Now THAT’S a headline you don’t see every day. (Follow this link to read the article from which it was taken.) While the current anti-immigrant, anti-foreign climate in the US is not ideal for these types of proposals, I’m pleased to see that this issue is (still) being discussed.
The notion that certain international students who study in the US should be allowed to remain after graduation, should they so desire, is not a new one. President Obama has alluded to it in a couple of State of the Union speeches and even Donald Trump has mentioned it.
Instead of limiting permanent resident status to international STEM graduates with a Master’s or Ph.D. degree, why not include any international student who wishes to remain in the US for the long term? After all, deciding where to work, live and, possibly, emigrate to is a personal decision. Besides, the US population is graying (median age: 37.8 vs. 29.7 for the world), and the economy needs a certain percentage of international graduates to remain, regardless of field of study. As with other well-educated immigrants, they generally make the US a better place on so many levels.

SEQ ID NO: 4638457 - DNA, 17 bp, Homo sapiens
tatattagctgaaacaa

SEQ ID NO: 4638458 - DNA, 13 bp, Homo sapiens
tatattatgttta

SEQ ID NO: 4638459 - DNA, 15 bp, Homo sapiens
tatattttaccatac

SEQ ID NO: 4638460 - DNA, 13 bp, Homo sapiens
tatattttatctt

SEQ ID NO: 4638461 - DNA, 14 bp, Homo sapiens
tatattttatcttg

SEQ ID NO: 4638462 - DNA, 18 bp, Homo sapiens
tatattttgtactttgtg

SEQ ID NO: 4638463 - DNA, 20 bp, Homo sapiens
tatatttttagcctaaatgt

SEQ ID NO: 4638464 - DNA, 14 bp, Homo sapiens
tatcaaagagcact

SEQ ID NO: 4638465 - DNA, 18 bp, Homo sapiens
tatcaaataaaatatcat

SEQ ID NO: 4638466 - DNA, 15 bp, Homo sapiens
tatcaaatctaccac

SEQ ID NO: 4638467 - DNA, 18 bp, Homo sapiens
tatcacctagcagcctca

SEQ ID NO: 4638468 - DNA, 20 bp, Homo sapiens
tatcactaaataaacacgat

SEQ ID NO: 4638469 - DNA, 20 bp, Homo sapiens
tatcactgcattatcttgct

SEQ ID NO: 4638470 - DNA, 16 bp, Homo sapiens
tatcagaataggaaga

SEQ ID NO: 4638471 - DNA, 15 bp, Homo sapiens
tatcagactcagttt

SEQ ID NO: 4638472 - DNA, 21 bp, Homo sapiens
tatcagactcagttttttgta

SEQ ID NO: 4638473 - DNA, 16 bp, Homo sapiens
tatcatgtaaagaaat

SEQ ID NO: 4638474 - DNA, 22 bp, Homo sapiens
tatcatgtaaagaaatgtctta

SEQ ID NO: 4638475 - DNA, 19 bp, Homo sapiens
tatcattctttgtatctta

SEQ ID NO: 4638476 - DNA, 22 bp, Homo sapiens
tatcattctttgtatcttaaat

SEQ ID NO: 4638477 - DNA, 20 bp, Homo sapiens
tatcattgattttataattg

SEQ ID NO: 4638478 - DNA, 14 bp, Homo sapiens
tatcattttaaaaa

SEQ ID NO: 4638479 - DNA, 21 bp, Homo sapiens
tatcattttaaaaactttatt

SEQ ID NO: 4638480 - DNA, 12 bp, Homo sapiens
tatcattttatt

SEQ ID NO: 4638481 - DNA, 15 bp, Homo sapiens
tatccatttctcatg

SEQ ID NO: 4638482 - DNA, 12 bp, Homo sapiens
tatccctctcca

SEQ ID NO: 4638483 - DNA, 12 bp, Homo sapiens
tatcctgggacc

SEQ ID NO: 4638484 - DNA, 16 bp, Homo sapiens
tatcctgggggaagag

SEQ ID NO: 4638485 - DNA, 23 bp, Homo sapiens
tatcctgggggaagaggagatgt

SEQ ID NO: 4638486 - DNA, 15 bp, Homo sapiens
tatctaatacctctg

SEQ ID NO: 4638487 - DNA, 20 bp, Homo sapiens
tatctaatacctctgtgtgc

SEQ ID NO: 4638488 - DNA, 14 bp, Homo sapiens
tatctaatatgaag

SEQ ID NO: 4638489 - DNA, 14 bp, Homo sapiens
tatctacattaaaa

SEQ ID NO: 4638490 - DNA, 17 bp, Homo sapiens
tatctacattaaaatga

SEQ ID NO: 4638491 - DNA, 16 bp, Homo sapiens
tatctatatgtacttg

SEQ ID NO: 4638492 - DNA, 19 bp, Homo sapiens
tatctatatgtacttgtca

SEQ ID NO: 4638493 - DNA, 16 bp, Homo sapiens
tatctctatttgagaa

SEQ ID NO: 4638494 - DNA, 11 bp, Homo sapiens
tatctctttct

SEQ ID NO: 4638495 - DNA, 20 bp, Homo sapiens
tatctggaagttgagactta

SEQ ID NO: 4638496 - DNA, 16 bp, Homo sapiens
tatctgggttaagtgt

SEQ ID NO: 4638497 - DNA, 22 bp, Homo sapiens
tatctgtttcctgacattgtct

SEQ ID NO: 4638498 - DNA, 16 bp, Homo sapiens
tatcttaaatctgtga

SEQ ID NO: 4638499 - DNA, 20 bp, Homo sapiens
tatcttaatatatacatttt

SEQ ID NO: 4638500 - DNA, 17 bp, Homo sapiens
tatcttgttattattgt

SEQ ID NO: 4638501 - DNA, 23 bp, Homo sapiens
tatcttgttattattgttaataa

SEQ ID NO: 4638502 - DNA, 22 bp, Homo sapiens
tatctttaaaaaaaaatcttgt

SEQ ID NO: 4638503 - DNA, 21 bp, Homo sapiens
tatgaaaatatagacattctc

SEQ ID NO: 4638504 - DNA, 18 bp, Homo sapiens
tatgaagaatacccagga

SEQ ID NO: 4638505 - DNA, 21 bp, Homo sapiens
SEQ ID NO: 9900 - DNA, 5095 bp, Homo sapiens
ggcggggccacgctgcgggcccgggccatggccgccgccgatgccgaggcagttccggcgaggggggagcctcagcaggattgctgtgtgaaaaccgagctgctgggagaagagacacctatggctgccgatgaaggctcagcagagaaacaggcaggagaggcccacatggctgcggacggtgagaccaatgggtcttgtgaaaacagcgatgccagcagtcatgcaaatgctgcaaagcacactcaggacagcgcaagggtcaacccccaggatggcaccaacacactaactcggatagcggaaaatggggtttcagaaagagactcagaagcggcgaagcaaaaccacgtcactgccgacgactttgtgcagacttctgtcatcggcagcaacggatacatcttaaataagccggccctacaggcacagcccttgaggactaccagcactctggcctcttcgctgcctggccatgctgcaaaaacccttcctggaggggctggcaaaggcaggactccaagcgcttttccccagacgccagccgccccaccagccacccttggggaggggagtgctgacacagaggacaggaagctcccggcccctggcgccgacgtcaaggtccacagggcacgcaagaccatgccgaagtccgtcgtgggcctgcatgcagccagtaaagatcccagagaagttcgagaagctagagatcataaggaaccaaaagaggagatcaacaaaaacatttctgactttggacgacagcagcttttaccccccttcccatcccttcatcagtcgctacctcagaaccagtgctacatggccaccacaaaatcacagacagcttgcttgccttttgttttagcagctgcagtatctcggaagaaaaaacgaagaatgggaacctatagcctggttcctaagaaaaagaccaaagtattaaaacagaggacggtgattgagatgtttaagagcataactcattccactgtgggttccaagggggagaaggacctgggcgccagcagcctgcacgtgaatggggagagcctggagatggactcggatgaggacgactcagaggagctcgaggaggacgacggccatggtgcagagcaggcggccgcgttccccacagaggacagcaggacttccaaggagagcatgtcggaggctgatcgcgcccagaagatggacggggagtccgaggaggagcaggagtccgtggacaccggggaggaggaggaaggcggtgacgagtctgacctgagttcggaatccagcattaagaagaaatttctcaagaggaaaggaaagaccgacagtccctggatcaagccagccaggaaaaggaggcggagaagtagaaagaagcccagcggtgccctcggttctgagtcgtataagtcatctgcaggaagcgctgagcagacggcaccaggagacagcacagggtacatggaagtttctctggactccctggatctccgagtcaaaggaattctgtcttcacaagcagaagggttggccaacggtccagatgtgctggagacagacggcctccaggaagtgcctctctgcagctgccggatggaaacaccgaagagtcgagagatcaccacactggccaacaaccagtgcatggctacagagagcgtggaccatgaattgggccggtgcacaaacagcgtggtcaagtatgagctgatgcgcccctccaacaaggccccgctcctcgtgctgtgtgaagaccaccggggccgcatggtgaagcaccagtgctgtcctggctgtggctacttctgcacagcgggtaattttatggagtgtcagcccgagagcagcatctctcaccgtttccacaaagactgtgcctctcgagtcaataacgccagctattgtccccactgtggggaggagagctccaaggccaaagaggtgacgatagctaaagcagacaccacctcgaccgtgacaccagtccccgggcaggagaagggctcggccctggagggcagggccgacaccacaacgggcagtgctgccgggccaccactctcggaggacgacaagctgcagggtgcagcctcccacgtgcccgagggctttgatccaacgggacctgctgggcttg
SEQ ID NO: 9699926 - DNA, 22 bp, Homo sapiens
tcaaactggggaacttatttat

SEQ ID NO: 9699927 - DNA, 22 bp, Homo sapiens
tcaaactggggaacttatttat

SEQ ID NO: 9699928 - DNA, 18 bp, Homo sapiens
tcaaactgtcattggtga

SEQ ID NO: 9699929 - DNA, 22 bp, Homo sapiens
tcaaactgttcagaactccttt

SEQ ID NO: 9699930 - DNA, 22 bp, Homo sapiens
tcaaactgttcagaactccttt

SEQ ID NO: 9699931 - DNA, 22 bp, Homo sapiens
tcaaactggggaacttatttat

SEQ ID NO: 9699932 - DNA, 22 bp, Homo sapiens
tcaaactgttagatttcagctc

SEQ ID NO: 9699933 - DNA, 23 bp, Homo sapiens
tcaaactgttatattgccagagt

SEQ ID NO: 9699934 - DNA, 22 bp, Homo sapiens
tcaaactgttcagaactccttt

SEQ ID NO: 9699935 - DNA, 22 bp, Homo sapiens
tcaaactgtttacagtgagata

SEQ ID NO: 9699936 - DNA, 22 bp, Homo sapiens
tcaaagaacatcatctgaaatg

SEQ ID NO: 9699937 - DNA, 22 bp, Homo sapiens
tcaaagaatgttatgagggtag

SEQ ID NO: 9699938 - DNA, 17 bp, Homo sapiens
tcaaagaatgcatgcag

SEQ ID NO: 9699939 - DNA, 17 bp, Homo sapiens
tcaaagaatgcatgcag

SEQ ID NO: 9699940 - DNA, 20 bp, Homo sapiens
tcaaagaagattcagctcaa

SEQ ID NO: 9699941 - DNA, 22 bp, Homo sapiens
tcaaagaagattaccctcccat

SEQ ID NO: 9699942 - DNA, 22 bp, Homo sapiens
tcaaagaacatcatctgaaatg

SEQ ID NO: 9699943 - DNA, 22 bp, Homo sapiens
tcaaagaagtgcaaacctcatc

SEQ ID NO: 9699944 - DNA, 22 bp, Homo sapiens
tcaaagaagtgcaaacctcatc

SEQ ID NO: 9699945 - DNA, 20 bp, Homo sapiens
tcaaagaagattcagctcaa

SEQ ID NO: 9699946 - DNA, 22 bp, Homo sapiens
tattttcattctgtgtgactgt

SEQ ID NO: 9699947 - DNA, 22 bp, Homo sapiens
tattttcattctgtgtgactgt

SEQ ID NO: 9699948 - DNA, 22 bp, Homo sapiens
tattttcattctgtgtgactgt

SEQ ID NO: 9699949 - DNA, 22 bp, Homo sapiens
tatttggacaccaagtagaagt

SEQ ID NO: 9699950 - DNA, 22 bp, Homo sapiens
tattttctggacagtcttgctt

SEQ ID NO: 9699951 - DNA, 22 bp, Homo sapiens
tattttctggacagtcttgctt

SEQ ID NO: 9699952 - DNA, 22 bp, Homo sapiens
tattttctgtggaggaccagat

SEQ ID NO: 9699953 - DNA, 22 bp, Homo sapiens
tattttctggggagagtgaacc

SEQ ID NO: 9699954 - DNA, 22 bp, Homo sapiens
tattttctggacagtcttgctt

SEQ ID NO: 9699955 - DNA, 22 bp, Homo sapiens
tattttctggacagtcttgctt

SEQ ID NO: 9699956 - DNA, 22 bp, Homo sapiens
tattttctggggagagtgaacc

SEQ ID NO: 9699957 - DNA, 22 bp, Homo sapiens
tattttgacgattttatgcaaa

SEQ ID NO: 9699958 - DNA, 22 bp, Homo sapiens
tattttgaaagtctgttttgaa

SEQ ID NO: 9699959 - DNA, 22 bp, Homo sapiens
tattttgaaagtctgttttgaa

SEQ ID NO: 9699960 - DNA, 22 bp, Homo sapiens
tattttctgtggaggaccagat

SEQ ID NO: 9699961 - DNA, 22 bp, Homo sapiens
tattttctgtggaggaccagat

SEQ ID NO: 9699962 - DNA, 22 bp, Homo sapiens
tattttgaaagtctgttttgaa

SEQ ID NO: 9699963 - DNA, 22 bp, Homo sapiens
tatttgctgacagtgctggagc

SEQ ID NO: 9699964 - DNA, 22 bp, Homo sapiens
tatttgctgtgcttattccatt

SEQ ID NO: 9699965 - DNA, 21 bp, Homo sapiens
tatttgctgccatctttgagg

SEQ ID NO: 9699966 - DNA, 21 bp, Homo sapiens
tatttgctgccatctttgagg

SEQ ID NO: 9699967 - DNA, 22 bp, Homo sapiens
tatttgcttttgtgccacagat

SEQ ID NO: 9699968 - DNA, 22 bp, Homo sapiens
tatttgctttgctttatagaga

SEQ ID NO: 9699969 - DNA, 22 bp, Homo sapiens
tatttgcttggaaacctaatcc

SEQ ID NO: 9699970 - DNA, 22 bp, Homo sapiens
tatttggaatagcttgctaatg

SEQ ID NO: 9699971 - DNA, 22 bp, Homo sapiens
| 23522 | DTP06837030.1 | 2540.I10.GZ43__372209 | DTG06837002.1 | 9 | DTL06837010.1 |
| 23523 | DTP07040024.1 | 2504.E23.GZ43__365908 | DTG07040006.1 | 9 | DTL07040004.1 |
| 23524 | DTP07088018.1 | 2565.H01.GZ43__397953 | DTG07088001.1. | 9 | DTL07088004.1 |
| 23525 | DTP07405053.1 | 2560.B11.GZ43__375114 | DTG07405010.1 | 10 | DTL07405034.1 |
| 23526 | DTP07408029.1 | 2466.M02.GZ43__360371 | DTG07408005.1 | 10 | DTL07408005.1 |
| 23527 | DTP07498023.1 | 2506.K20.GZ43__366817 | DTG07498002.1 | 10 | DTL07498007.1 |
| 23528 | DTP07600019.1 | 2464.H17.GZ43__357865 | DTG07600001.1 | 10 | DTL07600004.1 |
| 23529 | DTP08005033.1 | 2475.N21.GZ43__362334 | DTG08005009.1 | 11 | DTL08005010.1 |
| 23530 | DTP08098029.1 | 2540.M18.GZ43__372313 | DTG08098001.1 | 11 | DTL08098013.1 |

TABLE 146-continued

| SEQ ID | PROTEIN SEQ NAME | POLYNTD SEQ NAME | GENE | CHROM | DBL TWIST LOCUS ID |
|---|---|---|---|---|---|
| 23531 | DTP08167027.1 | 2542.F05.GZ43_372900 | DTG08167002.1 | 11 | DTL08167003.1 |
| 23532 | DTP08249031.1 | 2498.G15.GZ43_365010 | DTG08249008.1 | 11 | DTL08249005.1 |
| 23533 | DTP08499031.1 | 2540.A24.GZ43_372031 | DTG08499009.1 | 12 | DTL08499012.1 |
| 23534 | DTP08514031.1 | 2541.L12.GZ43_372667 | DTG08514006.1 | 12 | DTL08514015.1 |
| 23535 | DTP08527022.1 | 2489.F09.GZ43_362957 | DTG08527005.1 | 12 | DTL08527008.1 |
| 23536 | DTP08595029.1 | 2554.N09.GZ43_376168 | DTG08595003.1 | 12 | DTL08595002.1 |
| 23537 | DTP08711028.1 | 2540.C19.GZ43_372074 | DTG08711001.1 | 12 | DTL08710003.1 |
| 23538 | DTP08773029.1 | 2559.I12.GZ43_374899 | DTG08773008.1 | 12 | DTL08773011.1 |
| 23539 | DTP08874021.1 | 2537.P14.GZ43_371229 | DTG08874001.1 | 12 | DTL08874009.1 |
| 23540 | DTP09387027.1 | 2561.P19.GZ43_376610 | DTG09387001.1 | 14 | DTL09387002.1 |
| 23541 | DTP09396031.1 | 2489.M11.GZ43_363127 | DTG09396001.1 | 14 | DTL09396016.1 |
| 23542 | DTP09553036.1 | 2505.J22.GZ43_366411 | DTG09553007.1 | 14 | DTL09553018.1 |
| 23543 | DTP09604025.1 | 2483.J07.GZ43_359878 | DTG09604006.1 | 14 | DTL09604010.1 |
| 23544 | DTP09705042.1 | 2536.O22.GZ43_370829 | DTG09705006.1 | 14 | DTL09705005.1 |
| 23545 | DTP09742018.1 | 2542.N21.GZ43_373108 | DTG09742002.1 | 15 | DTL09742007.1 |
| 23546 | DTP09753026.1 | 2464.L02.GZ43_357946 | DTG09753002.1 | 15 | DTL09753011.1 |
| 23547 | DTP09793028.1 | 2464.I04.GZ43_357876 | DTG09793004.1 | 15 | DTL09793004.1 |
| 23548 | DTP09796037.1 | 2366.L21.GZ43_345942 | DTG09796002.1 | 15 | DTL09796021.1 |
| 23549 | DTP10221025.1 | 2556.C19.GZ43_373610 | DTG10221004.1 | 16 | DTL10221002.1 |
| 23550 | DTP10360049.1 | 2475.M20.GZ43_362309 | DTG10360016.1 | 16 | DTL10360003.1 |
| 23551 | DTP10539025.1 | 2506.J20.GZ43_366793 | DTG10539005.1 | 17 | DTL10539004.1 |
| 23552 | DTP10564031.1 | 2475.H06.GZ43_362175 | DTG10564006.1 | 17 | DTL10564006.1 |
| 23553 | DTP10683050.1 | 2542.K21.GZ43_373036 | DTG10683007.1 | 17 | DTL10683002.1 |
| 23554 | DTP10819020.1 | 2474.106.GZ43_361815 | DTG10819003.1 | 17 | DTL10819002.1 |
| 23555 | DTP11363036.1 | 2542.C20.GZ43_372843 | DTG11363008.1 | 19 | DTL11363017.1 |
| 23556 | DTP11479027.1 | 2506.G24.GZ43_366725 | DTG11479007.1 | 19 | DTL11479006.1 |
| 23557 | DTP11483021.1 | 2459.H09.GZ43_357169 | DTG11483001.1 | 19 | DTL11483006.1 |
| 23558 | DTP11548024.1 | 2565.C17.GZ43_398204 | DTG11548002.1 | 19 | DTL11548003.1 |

Why not reform student visa policy, following in the footsteps of competitor countries such as Australia and Canada, and base visa issuances on one criterion: ability to pay. By issuing an I-20, admitting institutions have already made a determination that they are bona fide students and their post-study plans are a personal decision. (Many don’t even know what they’ll be doing and many others simply jump through the necessary hoops and say what the interviewing consular wants and needs to hear about returning to their home country.)
Growing numbers of Vietnamese students are returning home because Viet Nam has become a land of economic opportunity in many fields. Others relocate to a third country for employment. Still others remain in the US for the long term, again for employment and other reasons, e.g., marriage to a US national.